Sharese Thomason, our new receptionist, greeted us with her customary pleasant smile and steaming cups of caffeine. When Stephanie had suddenly bolted to Arizona, Sharese's had been the first name that popped into my head. I'd encountered her working at a bank that employed a teller who had come under scrutiny in the disappearance of one of our clients. I'd been impressed with her appearance and demeanor, and it hadn't taken much to woo her away from a job that, at least on the surface, had appeared both boring and unchallenging.
    I smiled back and picked up my chai tea latte. "Good morning." I took a sip, realized it was still terrifically hot, and headed for my office.
    "Good morning, Mrs. Tanner. Sergeant."
    Sharese felt Red's former title a suitable one for his position in the firm, I guessed, and she used it unfailingly.
    "How was your weekend?" My husband always stopped to chat, inquiring about our new employee's boyfriend, an earnest young man we'd met on a couple of occasions. He was just finishing his business degree at the USC campus at New River, out on the highway between Hilton Head and Beaufort, and a summer wedding had been hinted at. Providing he found a job after graduation, a dicey proposition in these challenging times.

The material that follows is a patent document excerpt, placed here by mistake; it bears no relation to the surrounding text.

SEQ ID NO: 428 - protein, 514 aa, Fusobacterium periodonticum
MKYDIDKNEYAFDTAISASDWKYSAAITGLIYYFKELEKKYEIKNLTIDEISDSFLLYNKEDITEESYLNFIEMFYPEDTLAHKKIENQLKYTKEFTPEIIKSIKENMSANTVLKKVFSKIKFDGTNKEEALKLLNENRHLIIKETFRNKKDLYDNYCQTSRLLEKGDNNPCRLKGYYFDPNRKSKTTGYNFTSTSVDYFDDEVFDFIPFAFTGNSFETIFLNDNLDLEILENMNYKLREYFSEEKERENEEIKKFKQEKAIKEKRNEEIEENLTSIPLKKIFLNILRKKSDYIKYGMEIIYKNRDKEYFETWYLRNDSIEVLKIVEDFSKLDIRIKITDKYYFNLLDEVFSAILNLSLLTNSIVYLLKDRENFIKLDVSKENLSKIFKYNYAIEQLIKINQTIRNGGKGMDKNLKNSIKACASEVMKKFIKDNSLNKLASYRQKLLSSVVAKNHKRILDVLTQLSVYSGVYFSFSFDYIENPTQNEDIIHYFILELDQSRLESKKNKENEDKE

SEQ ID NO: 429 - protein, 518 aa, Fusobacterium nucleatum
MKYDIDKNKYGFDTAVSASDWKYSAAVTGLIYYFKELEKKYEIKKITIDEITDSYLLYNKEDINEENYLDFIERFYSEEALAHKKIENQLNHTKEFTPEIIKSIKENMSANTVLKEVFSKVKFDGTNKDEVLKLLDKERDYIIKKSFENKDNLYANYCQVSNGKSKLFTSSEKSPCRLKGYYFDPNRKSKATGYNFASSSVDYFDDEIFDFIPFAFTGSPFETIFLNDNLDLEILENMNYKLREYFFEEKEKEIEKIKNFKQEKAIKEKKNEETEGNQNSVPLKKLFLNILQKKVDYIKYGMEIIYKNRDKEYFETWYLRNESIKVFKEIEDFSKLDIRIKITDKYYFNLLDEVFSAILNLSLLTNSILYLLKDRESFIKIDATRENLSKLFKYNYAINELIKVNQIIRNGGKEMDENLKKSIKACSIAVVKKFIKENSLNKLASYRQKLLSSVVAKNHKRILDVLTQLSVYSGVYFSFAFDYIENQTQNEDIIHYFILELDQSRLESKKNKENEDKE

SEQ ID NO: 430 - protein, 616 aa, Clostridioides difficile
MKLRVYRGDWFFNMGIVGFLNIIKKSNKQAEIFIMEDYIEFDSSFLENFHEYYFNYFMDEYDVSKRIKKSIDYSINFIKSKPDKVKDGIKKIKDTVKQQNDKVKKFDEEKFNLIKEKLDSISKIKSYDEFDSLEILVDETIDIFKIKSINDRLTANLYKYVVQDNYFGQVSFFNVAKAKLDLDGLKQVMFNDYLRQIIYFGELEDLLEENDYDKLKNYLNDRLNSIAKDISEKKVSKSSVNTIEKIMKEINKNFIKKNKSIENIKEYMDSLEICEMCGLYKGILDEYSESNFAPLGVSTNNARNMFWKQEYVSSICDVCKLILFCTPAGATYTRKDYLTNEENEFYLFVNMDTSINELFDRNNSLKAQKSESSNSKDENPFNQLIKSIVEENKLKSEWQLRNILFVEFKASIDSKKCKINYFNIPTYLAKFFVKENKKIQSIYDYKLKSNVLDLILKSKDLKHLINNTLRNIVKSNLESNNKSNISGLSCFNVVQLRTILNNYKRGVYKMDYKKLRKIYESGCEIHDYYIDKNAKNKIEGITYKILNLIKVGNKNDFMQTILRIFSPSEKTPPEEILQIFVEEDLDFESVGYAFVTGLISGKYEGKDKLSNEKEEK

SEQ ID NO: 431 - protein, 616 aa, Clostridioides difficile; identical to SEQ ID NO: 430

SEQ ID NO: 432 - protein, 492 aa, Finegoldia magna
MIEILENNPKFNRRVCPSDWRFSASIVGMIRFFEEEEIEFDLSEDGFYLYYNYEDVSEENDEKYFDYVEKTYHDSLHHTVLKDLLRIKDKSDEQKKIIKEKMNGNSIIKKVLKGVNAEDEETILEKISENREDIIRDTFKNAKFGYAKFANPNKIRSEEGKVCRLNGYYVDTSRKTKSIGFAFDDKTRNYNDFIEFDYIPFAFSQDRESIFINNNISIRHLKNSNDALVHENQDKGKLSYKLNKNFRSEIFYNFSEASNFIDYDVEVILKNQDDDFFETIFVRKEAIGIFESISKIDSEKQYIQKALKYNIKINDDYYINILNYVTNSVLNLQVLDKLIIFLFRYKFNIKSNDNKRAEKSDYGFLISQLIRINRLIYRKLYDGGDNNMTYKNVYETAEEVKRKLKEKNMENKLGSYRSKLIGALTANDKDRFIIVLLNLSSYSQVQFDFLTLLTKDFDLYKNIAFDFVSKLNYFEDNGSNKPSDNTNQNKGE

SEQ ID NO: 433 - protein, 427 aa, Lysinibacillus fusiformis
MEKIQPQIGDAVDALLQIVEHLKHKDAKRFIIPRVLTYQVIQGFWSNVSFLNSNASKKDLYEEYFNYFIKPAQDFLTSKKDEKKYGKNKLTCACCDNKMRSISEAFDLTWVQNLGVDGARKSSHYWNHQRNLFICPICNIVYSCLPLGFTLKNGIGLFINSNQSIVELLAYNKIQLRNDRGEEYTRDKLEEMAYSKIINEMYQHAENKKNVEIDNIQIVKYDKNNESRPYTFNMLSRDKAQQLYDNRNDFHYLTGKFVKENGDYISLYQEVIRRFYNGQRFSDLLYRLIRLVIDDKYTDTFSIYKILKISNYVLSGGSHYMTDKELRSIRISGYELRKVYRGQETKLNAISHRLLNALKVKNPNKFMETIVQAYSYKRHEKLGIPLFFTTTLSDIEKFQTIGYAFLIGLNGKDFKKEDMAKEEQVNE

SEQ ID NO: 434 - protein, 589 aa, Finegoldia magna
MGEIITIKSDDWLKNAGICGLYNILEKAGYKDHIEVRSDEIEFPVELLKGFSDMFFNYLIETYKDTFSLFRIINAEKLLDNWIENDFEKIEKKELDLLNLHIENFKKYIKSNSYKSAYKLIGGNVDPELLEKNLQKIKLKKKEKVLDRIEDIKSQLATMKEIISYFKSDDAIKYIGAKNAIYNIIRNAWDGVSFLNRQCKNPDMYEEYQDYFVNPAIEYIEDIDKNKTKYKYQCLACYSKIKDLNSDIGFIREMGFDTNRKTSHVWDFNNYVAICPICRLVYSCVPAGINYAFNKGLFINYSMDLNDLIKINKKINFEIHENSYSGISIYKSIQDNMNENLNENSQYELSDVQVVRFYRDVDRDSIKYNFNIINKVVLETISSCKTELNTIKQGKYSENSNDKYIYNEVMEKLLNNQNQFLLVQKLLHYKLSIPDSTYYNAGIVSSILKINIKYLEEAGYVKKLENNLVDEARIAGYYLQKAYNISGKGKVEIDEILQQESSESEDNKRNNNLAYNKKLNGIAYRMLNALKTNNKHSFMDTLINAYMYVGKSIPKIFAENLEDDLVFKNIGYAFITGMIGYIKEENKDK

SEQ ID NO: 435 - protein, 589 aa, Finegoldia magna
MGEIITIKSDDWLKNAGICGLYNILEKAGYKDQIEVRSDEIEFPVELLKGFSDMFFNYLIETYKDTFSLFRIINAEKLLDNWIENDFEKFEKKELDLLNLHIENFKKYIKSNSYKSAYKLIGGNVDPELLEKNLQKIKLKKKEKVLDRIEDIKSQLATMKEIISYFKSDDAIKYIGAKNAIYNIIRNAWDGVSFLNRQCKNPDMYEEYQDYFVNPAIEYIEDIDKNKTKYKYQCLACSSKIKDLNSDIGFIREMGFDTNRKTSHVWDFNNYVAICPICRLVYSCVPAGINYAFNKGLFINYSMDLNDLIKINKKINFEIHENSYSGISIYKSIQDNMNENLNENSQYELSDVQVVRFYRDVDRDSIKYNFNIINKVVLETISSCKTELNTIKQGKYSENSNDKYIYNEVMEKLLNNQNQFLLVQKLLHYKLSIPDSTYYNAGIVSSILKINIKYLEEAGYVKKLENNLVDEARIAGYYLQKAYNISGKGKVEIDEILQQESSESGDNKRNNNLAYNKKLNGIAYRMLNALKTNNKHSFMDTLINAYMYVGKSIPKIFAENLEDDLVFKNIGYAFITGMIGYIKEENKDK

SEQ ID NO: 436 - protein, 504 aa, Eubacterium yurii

"Fine. Byron needed to work on a paper, so we just hung around his condo. At least it was warm enough for me to get in a nice long walk on the beach."
    "Good for you. It's been a nasty winter."
    Red followed me into the office and settled on one of the client chairs. A few seconds later, Erik wandered in and took up residence on the other.
    "How're you doing?" I always asked, although I could tell that Stephanie's desertion still weighed heavily on him. Lanky and thin by nature, Erik had lost some weight he couldn't afford along with the ready smile that had always seemed a large part of his boyish charm.
    He shrugged. "Okay, I guess. Played tennis most of the weekend. A couple of guys I knew in Charlotte were down visiting, so we batted it around a little. Nothing special."